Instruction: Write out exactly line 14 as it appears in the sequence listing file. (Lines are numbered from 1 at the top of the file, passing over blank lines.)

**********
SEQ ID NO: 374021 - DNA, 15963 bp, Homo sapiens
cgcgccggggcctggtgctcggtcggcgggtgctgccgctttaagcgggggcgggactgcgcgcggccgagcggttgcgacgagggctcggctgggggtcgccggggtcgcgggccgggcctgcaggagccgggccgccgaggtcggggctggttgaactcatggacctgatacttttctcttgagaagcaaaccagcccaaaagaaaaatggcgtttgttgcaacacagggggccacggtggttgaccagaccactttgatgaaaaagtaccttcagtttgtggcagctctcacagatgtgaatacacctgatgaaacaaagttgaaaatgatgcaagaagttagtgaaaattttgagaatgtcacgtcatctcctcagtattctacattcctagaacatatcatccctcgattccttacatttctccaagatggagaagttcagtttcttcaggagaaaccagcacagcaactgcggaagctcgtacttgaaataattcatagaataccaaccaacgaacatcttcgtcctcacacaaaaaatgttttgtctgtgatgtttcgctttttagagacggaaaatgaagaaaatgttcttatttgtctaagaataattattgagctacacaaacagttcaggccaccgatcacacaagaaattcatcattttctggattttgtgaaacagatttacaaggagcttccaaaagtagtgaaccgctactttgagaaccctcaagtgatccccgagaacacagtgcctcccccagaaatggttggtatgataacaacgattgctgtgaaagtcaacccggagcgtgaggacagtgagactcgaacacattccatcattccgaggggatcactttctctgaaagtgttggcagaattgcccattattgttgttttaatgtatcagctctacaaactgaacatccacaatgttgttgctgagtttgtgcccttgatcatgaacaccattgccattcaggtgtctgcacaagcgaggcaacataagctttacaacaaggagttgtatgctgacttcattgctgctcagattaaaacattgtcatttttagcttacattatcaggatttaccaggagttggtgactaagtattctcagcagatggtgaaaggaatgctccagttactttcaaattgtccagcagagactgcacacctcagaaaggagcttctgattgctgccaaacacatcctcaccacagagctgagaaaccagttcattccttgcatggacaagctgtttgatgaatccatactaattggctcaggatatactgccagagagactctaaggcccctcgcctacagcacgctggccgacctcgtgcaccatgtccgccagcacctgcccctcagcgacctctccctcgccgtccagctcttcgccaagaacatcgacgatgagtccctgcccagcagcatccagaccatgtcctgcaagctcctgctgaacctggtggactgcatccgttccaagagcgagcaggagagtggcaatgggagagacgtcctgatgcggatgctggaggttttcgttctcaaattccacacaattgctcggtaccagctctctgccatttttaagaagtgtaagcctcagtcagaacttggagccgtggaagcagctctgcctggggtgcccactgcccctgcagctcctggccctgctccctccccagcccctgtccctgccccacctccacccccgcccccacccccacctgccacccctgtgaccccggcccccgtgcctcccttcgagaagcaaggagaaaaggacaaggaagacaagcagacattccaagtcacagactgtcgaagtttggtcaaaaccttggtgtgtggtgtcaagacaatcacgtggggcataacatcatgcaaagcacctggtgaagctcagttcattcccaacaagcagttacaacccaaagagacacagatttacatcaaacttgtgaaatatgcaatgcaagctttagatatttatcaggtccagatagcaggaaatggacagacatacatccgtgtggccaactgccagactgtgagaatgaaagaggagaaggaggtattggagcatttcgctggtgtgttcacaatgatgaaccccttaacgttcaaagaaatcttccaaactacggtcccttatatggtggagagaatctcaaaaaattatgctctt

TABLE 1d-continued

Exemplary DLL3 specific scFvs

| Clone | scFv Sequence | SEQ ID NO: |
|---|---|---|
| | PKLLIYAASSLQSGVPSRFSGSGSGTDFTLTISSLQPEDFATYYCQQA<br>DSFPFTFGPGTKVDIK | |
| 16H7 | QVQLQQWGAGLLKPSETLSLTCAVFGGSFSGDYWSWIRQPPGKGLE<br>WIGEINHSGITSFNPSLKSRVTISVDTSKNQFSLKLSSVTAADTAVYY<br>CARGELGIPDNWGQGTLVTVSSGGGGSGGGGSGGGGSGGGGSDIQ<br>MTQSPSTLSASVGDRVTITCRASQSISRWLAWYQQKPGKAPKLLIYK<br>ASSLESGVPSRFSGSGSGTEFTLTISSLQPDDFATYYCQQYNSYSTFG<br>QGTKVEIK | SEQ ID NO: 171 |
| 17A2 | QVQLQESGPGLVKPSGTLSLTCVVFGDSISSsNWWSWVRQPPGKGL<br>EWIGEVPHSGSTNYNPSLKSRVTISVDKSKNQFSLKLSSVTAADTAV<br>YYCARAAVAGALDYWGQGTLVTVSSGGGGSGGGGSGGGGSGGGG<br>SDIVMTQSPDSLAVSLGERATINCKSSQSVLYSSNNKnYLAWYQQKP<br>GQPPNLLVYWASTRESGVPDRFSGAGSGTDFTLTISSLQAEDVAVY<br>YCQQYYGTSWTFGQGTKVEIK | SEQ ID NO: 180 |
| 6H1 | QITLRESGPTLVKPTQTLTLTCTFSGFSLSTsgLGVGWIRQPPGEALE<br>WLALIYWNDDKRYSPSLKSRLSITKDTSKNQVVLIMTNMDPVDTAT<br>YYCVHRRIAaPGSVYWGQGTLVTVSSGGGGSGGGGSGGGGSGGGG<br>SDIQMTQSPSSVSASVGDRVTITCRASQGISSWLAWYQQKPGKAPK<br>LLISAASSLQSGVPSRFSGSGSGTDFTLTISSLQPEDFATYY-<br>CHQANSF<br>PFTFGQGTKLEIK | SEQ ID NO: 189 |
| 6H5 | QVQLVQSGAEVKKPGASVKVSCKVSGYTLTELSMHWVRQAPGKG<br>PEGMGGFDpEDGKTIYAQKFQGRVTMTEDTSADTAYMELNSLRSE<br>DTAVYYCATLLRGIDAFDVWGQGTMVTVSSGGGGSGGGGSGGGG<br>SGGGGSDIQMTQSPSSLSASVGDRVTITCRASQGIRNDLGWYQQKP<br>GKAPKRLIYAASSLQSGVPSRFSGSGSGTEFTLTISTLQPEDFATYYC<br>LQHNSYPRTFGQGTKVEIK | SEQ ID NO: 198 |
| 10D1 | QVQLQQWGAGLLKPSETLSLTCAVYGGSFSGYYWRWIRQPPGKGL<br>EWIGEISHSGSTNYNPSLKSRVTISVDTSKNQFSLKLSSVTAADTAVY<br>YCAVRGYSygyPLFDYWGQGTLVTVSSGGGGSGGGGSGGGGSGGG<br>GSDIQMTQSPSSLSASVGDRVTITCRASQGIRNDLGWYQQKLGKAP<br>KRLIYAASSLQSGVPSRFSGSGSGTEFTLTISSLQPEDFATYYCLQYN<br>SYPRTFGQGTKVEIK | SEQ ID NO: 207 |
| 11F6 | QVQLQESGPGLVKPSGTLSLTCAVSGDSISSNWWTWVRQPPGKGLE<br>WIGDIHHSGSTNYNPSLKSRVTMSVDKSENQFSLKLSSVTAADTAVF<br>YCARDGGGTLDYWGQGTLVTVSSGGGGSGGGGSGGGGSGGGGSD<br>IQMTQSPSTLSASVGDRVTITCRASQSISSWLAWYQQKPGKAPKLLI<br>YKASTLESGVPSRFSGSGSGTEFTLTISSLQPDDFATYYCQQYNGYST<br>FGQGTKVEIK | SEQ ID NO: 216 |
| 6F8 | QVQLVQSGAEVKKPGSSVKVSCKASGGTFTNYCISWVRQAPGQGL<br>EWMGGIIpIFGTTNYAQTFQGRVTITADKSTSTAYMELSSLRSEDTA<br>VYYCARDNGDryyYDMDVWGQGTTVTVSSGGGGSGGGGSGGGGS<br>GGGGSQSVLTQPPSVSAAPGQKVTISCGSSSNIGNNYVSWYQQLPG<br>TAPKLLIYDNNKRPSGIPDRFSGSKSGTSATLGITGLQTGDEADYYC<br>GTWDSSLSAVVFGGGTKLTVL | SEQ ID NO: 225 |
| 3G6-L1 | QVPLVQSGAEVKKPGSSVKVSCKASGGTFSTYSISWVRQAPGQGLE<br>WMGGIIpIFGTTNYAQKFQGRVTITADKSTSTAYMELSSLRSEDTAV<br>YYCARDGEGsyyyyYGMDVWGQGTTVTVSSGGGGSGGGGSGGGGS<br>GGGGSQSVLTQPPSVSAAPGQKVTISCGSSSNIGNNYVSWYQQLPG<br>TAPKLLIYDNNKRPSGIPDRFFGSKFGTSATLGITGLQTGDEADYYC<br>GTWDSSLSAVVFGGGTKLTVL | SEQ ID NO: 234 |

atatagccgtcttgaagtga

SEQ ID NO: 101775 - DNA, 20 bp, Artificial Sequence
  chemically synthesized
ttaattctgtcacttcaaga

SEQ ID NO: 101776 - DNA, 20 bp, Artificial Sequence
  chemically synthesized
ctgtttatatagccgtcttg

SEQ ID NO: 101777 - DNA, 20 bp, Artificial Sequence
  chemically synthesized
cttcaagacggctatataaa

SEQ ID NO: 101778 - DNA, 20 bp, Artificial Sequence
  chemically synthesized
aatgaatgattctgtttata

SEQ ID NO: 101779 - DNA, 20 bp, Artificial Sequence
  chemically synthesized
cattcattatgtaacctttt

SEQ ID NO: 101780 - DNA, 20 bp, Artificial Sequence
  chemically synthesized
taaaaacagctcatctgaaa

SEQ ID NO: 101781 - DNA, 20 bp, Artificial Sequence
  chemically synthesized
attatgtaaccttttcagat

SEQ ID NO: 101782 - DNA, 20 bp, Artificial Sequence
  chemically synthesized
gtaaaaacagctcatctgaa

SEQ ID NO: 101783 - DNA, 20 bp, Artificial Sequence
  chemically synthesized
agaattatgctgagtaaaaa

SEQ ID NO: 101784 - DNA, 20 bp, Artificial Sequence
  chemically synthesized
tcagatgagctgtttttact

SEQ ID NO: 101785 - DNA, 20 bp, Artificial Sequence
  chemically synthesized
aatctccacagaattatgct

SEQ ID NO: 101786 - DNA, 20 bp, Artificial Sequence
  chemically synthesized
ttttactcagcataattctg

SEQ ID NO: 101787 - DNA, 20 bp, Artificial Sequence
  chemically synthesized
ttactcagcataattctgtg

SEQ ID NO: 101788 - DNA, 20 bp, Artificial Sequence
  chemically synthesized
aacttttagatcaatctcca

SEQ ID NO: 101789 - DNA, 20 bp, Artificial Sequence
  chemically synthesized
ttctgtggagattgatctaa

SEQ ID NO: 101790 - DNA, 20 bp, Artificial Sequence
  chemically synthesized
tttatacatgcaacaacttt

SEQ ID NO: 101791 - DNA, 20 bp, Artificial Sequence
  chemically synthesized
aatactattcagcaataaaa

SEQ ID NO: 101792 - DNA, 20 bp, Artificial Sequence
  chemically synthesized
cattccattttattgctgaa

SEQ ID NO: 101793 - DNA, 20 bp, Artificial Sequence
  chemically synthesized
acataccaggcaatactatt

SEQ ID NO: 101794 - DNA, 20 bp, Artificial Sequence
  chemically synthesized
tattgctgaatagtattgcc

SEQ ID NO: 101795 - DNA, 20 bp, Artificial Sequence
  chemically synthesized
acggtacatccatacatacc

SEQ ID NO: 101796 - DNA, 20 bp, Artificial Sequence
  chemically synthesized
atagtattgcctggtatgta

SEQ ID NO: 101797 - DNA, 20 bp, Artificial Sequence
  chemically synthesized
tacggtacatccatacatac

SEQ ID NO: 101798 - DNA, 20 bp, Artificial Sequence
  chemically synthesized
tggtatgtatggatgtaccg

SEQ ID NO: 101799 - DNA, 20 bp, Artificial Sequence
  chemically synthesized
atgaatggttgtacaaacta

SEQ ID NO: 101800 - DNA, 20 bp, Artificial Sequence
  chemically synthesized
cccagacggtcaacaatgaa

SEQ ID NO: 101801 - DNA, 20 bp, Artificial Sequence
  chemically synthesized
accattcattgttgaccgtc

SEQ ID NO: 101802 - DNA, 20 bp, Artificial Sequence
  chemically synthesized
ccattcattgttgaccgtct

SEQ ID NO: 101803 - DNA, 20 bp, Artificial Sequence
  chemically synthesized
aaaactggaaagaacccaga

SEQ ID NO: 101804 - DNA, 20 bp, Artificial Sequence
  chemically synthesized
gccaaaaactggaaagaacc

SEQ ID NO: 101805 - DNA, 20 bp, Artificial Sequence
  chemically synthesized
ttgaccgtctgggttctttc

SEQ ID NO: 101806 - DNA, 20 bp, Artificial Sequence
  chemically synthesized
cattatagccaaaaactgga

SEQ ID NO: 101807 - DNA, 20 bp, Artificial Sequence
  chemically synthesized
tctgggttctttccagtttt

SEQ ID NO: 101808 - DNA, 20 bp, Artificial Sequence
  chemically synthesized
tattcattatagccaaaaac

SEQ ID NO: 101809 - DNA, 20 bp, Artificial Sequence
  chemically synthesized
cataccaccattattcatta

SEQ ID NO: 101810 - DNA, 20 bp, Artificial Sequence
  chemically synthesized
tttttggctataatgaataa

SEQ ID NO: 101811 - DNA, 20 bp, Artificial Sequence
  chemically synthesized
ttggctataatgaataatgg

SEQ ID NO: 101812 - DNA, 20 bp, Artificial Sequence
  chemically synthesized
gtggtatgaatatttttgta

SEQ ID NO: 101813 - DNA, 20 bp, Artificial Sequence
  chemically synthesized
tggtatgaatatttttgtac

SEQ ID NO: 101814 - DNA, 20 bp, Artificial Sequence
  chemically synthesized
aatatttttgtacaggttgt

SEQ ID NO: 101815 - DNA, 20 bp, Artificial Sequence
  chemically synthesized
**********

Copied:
| 6F8 | QVQLVQSGAEVKKPGSSVKVSCKASGGTFTNYCISWVRQAPGQGL<br>EWMGGIIpIFGTTNYAQTFQGRVTITADKSTSTAYMELSSLRSEDTA<br>VYYCARDNGDryyYDMDVWGQGTTVTVSSGGGGSGGGGSGGGGS<br>GGGGSQSVLTQPPSVSAAPGQKVTISCGSSSNIGNNYVSWYQQLPG<br>TAPKLLIYDNNKRPSGIPDRFSGSKSGTSATLGITGLQTGDEADYYC<br>GTWDSSLSAVVFGGGTKLTVL | SEQ ID NO: 225 |